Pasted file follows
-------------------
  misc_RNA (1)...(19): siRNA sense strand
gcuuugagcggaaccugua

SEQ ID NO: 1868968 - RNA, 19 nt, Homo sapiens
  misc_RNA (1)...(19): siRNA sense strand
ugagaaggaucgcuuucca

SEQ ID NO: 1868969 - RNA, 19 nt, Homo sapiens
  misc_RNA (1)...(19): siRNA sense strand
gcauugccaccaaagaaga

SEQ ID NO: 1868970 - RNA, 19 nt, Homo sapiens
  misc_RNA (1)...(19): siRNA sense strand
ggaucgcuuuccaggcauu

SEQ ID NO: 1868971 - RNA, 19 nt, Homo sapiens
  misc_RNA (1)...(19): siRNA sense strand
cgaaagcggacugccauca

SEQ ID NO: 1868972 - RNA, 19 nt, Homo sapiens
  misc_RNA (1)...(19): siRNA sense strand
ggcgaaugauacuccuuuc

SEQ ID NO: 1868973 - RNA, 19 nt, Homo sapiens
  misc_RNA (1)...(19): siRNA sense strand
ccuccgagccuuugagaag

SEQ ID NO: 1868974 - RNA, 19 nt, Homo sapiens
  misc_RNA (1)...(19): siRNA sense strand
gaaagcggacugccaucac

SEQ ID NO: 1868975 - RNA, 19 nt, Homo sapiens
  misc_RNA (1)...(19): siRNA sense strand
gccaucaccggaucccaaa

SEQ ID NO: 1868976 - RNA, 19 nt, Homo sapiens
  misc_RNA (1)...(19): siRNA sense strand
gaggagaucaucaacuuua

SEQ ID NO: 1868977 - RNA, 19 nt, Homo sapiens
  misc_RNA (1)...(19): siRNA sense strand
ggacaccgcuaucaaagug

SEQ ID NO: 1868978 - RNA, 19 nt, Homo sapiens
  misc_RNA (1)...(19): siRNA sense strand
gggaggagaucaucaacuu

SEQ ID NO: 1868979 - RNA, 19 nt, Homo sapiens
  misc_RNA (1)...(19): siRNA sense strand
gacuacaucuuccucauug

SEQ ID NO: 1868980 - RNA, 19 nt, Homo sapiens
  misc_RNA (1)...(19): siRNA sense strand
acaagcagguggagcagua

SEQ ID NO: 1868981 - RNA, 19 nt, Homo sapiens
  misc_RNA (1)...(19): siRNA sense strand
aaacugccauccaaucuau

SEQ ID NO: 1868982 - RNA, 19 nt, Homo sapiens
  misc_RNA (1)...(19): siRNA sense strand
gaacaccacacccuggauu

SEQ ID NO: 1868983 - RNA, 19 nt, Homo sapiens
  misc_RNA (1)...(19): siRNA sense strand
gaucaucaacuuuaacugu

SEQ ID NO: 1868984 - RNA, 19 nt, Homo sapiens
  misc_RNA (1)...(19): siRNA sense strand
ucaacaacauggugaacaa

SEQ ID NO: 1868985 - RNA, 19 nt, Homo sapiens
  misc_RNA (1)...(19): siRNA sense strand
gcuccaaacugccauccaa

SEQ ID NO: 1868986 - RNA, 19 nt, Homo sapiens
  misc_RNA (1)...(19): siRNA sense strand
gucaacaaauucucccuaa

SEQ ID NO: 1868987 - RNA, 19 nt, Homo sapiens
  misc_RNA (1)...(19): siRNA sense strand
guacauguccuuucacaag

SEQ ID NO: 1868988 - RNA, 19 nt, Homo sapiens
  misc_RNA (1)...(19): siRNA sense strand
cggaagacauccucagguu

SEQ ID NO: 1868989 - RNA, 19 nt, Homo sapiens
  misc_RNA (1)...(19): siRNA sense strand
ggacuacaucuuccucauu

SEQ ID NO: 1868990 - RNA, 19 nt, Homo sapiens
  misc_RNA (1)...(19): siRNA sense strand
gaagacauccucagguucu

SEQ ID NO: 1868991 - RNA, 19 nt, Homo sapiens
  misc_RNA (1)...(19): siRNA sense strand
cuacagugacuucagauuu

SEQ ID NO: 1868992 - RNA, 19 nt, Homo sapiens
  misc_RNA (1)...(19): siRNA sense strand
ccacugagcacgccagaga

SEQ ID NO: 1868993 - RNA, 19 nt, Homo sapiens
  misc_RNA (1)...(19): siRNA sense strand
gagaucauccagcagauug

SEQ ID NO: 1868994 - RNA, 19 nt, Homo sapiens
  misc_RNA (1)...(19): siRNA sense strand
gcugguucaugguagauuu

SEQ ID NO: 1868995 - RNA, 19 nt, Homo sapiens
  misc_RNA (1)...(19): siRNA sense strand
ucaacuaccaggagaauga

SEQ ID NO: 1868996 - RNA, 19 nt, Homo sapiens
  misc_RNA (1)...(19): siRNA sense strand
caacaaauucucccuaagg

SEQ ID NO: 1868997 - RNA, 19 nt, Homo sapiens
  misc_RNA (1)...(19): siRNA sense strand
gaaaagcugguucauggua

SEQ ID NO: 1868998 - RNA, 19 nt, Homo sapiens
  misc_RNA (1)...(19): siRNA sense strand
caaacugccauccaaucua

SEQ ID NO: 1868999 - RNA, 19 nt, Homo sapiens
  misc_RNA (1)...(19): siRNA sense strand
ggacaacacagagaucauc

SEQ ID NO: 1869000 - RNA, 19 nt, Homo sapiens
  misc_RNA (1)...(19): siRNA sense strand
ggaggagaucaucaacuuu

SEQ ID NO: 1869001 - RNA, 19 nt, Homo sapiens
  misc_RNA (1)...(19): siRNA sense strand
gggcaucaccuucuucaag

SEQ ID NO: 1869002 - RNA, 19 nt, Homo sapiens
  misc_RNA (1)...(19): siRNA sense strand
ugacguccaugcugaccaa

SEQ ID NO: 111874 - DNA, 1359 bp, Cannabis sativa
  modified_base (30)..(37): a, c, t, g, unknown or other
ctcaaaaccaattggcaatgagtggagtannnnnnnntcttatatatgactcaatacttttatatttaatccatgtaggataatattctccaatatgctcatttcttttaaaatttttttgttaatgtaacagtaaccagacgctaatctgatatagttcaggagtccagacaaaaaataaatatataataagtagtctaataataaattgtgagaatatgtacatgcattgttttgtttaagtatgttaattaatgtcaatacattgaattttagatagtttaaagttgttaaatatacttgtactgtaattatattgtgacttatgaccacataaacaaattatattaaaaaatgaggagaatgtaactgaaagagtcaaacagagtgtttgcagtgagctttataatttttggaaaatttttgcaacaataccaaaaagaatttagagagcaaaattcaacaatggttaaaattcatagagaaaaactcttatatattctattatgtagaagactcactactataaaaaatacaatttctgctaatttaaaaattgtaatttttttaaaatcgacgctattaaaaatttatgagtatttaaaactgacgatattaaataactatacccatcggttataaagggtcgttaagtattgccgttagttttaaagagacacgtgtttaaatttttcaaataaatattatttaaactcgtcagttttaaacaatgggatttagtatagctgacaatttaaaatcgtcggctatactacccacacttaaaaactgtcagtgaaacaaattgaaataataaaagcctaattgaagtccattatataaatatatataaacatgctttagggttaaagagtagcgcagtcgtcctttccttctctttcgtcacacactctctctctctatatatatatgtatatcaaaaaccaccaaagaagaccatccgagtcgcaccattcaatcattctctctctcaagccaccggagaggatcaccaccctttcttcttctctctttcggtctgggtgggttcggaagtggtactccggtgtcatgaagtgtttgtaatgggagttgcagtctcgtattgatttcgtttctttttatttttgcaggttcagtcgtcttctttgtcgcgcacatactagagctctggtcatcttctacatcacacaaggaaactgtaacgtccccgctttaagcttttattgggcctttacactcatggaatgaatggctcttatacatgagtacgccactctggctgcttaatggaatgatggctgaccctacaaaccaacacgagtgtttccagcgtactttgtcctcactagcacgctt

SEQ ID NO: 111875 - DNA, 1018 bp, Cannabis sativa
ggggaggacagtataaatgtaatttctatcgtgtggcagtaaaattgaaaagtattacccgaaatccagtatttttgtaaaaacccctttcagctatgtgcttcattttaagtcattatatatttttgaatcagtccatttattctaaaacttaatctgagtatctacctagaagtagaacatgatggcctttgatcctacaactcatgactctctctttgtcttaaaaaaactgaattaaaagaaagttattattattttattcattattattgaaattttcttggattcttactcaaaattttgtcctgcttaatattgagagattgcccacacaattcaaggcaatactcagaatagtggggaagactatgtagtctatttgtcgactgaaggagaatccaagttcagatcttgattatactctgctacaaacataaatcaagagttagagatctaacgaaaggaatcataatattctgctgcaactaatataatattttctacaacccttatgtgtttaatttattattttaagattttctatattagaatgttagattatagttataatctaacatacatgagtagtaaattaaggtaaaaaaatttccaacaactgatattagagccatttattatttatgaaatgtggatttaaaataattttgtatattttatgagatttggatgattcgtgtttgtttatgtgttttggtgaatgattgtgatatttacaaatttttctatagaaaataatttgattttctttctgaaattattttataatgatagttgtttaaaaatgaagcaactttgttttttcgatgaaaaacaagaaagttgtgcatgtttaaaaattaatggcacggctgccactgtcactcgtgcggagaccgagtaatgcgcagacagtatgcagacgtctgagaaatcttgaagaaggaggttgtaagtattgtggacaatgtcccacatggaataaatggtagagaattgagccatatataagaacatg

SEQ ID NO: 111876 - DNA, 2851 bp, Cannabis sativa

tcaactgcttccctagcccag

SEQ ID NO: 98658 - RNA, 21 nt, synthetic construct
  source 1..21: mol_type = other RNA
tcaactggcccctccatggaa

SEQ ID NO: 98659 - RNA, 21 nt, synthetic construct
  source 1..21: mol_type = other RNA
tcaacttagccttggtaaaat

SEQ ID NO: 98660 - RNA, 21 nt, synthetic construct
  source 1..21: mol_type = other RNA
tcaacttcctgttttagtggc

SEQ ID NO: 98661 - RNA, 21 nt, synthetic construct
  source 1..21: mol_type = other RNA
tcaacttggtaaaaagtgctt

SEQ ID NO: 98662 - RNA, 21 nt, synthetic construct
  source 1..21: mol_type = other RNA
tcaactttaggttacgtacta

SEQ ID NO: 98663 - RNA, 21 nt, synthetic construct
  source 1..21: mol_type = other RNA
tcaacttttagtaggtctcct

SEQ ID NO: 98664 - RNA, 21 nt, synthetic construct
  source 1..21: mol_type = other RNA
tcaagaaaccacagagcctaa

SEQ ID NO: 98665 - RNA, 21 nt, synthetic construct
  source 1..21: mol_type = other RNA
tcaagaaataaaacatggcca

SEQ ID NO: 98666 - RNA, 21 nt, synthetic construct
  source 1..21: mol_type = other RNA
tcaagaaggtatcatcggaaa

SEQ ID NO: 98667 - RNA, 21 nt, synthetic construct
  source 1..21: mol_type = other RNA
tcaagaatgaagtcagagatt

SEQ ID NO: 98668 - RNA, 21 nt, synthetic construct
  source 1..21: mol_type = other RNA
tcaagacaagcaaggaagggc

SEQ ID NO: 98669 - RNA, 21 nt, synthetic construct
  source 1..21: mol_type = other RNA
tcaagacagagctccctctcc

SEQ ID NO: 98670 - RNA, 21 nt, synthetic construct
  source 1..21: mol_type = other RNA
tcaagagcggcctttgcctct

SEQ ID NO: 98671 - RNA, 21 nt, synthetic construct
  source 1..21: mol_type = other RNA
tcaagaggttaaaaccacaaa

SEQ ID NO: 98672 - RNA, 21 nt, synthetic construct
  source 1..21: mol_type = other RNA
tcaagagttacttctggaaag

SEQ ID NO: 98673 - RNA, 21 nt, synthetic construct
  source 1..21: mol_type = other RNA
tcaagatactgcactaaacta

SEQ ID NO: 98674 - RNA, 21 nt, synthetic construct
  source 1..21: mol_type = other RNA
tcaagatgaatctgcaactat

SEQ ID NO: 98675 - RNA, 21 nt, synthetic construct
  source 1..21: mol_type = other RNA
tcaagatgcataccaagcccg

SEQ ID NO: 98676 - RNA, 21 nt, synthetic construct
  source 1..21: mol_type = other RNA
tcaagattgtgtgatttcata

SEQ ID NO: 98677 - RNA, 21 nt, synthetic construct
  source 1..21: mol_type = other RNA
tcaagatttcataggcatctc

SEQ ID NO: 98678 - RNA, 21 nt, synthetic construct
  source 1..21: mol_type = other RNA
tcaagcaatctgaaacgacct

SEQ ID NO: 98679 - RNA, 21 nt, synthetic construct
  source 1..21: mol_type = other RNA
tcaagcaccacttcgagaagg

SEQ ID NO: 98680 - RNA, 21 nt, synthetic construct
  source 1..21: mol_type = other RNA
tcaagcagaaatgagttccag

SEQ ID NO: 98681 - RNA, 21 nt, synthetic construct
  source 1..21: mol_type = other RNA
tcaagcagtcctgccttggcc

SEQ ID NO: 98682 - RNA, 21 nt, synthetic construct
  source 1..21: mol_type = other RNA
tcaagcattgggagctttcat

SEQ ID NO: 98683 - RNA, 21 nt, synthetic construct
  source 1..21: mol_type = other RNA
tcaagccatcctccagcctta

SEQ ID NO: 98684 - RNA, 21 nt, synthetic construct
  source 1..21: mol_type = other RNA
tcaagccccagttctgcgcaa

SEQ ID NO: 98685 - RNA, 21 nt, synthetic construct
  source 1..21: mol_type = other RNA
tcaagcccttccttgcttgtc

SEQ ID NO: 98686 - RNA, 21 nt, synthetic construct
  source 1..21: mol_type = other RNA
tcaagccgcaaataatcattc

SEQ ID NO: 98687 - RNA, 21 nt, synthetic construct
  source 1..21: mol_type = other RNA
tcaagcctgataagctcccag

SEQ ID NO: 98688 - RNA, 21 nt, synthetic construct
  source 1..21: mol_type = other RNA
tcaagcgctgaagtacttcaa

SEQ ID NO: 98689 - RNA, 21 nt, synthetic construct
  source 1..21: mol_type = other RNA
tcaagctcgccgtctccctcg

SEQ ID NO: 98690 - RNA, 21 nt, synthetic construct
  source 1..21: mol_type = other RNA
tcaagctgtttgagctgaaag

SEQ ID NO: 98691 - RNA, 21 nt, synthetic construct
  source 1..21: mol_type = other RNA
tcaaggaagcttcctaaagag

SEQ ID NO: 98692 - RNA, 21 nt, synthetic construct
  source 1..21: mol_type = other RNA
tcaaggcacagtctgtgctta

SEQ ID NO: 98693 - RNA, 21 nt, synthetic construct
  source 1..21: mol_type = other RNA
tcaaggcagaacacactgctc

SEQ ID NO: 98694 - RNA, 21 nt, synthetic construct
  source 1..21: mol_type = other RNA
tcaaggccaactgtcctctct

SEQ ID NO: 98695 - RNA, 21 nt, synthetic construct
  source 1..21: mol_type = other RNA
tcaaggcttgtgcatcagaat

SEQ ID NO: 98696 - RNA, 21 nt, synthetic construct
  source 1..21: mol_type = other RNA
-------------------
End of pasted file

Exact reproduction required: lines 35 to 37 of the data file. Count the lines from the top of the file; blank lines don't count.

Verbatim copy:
gggaggagaucaucaacuu

SEQ ID NO: 1868979 - RNA, 19 nt, Homo sapiens
  misc_RNA (1)...(19): siRNA sense strand